Friday, August 10, 2012

Trojan Gives Away Vibrators in NYC But Won't Sell Them in Texas

Mmm...New York Cart Vibrators are the Tastiest
Big news yesterday about Trojan Vibrations' giant vibrator-cum-hot dog cart giveaway in New York: the company generously decided to give away 10,000 vibrators (hello, don't they know there are 149,219 more single women than men in New York?). The bonanza was shut down briefly but opened again later in the day and the toys were successfully distributed.

Some herald the public giveaway as an indicator of the growing acceptance of women's sexuality and maybe it is; but in Texas, Trojan's toys are still not for sale despite the sex toy ban having been struck down in 2008. The boner-killing message below came up when I put an item in my shopping cart on
I reviewed the Triphoria almost a year ago and the device wasn't for sale in Texas then (I got mine courtesy of Babeland); what's the holdup? Perhaps we should all write to our state legislators and suggest that Texas women are just trying to comply with the forced transvaginal ultrasound law and maybe that'll do the trick?

In non-cart related news, Trojan's VP of Marketing had this to say in a press release about the event:
Research from The Center for Sexual Health Promotion at Indiana University found that 53 percent of women and 45 percent men have used a vibrator in their lifetime, indicating that vibrators have officially entered the mainstream," said Bruce Weiss, Vice President of Marketing, Trojan™ Sexual Health. "We're always looking for ways to advance this effort by fostering an open dialogue about sexual health and creating unique moments that get people 'buzzing' about sex and pleasure."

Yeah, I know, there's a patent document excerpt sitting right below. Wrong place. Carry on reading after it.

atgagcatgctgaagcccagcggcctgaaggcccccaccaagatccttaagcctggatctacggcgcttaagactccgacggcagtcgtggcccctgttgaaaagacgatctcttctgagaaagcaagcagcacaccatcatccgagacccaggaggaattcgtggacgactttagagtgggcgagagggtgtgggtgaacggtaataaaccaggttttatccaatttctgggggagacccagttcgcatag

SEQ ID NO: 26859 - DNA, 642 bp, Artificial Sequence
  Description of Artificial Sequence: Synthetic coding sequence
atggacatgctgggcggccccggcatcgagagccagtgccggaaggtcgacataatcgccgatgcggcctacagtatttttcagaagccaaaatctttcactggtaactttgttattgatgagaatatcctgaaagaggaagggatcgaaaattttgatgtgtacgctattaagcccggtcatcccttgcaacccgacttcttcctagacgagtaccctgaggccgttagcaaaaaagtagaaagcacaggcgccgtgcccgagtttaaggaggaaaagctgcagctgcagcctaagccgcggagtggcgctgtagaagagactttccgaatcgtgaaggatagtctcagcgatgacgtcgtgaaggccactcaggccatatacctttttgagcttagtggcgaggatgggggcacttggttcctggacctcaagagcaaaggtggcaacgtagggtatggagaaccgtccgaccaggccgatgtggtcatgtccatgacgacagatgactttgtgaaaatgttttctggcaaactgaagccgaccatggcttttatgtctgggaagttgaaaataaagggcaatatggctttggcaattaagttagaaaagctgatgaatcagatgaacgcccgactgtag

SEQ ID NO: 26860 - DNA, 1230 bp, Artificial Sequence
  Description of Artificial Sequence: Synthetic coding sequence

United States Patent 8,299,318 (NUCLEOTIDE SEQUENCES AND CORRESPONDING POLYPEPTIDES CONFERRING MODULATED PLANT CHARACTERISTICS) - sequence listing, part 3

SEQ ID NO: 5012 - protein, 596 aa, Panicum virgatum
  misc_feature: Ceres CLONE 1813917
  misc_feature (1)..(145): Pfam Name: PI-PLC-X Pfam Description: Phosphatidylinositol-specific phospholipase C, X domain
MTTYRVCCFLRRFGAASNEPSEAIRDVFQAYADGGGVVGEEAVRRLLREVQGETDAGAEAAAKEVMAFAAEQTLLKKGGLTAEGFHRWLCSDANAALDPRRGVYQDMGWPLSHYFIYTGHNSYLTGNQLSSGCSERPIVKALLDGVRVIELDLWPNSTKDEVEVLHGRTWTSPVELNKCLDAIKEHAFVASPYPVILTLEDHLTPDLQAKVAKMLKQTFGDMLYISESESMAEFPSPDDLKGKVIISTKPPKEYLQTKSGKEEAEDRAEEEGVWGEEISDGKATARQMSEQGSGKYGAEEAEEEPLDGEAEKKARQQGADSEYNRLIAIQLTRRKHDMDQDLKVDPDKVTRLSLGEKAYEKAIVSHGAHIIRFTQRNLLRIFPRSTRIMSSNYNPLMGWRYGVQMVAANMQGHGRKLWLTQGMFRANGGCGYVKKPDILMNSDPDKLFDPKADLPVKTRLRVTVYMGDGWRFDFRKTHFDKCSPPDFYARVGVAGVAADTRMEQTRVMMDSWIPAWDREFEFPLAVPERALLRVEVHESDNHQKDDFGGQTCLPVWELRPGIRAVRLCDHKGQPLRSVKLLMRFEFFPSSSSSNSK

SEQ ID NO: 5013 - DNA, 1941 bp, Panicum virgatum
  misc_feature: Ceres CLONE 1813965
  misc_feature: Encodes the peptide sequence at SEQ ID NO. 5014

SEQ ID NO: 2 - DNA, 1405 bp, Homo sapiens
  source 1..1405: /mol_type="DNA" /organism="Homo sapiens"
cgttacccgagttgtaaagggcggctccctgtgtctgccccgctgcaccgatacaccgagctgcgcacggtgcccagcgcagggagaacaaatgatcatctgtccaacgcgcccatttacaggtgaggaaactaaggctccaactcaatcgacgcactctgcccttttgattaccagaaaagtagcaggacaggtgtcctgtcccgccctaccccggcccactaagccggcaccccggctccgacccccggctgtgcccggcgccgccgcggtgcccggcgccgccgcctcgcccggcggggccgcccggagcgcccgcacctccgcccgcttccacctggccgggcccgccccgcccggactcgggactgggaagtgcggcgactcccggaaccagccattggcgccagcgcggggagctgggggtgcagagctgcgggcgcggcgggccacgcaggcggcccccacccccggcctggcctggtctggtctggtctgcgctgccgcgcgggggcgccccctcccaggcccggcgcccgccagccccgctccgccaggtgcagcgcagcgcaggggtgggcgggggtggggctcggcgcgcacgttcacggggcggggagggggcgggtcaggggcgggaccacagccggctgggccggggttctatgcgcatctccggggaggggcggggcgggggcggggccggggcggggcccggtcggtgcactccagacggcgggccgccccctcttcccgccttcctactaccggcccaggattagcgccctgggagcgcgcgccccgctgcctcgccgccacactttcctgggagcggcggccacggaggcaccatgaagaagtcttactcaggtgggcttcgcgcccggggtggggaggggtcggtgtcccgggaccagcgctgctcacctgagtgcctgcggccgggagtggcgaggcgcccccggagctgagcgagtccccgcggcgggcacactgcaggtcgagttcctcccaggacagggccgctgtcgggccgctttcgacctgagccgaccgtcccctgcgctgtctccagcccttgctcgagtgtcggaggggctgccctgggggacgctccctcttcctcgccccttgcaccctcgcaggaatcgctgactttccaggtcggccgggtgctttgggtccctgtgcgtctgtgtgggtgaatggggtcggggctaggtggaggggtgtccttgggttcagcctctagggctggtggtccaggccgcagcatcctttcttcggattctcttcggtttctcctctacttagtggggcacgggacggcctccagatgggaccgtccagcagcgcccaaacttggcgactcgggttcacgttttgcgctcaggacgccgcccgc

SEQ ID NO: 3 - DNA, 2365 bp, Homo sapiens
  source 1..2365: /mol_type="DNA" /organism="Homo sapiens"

PR Newswire (
 The study to which he refers was part of a series of articles published in 2009 by The Center for Sexual Health Promotion at Indiana University and paid for by Pure Romance, the Cincinnati-based pyramid scheme sex toy party company, and Church and Dwight, Trojan's manufacturer. In this summer of concern among those outside of academe about sources of funding for scholarly pursuit, it's worth noting that funds for research--even fun research like the frequency with which American women use vibrators and how good in-home sex toy party consultants are at doing sex education--comes from somewhere.  

In the case of corporate sponsorship of transparently PR-driven research, my question is whether the funding of such projects is tax deductible, since the "contribution" is to a not-for-profit educational institution. Considering that both the Pure Romance and Trojan studies have been used by the companies to expand business, that sounds like a shady way to write off PR expenditures, which are not tax deductible.

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